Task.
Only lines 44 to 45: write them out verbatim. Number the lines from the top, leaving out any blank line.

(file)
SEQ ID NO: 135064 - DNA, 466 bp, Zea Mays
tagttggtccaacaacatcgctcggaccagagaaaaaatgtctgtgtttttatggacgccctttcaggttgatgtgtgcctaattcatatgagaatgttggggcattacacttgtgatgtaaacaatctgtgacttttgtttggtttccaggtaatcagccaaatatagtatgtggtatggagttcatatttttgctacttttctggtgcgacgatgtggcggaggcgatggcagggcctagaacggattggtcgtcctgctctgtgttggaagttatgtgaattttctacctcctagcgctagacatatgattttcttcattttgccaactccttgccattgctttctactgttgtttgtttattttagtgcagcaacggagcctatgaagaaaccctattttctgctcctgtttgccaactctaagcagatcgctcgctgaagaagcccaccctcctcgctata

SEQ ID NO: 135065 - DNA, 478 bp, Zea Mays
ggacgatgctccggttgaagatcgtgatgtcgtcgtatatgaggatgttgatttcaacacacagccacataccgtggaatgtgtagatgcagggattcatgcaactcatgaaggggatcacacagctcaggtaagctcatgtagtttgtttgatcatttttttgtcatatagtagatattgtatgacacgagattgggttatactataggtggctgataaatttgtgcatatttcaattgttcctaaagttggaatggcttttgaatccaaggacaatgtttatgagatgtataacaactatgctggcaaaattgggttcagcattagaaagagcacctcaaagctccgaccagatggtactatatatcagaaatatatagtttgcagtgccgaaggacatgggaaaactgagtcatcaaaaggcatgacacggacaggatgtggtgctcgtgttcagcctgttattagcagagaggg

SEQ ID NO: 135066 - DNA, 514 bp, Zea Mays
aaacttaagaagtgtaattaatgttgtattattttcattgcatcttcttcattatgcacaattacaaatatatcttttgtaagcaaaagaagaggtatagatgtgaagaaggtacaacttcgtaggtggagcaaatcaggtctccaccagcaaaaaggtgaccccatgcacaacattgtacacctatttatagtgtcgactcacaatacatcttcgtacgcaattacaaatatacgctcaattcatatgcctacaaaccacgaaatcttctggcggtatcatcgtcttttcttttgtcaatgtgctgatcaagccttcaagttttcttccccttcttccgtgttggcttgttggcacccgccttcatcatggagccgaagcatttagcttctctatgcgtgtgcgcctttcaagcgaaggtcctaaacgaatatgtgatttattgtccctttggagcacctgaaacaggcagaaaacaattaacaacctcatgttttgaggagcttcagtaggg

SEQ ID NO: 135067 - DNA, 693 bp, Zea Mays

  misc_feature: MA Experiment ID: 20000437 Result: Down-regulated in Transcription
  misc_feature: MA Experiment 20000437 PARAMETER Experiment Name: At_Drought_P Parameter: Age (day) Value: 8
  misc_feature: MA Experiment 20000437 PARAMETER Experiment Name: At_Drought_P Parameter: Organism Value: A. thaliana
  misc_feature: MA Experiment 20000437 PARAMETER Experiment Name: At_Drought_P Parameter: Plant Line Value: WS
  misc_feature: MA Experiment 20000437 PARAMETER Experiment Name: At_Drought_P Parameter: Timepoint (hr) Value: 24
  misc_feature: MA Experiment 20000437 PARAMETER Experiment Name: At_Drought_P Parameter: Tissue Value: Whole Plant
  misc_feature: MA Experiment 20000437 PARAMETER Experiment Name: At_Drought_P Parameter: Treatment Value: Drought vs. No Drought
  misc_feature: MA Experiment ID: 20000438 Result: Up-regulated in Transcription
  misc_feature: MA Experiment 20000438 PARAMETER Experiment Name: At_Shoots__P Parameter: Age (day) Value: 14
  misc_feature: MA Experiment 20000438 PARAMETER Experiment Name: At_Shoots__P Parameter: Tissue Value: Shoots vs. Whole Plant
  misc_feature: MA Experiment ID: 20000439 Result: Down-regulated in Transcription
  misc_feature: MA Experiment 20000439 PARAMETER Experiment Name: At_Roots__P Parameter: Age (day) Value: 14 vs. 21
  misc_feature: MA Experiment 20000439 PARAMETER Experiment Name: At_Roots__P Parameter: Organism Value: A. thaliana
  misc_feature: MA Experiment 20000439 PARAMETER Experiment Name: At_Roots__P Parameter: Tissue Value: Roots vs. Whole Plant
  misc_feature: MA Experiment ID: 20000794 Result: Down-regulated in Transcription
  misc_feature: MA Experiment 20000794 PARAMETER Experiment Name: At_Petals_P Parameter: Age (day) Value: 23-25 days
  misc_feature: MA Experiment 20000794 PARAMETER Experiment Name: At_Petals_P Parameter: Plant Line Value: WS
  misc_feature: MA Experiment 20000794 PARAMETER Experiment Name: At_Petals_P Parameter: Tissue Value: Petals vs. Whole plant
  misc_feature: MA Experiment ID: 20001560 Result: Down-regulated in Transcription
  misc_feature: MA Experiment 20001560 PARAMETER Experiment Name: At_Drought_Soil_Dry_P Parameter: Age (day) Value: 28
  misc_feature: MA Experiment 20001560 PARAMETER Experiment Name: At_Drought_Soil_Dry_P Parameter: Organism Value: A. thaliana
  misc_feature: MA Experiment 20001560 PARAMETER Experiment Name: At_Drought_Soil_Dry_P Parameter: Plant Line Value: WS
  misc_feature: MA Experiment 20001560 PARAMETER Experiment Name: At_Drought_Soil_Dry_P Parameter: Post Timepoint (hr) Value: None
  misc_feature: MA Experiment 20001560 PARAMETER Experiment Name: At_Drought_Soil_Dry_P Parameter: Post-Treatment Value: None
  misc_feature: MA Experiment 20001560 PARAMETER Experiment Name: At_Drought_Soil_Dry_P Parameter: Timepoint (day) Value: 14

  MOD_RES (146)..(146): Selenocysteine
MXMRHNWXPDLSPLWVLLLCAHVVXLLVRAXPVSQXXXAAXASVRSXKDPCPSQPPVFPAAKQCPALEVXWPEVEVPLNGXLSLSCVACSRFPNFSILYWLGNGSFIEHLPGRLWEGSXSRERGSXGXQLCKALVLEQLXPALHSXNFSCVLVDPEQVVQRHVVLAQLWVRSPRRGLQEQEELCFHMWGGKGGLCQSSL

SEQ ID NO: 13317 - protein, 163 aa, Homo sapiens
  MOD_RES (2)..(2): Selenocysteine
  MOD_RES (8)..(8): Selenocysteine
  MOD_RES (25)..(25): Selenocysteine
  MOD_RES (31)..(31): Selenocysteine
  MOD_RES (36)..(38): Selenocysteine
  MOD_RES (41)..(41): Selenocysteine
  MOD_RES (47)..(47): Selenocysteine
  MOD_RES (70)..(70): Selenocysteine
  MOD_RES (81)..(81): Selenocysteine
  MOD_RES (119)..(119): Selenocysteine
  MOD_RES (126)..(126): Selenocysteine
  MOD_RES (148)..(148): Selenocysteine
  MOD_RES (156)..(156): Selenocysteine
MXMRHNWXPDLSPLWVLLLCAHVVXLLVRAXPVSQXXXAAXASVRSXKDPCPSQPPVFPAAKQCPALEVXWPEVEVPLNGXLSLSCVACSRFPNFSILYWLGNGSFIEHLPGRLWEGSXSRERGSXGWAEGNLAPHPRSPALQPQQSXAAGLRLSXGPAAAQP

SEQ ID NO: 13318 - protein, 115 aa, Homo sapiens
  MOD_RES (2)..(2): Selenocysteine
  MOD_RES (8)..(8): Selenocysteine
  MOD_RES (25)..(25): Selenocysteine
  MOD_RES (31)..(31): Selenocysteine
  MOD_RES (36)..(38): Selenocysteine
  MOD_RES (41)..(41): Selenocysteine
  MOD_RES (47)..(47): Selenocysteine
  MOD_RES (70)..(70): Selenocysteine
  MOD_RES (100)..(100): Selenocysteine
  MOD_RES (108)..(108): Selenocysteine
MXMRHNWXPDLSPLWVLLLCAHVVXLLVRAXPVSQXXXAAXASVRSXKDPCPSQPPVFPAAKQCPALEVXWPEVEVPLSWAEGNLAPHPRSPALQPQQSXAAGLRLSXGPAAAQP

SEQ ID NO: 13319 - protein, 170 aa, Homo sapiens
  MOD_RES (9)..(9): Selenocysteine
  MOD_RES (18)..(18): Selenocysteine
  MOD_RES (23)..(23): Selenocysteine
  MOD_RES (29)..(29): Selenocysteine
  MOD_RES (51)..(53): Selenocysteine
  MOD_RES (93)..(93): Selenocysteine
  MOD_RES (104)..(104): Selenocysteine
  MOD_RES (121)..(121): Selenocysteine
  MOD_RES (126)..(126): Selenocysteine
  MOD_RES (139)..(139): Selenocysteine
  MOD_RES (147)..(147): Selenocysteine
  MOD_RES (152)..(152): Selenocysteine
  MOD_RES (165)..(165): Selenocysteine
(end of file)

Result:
  MOD_RES (81)..(81): Selenocysteine
  MOD_RES (119)..(119): Selenocysteine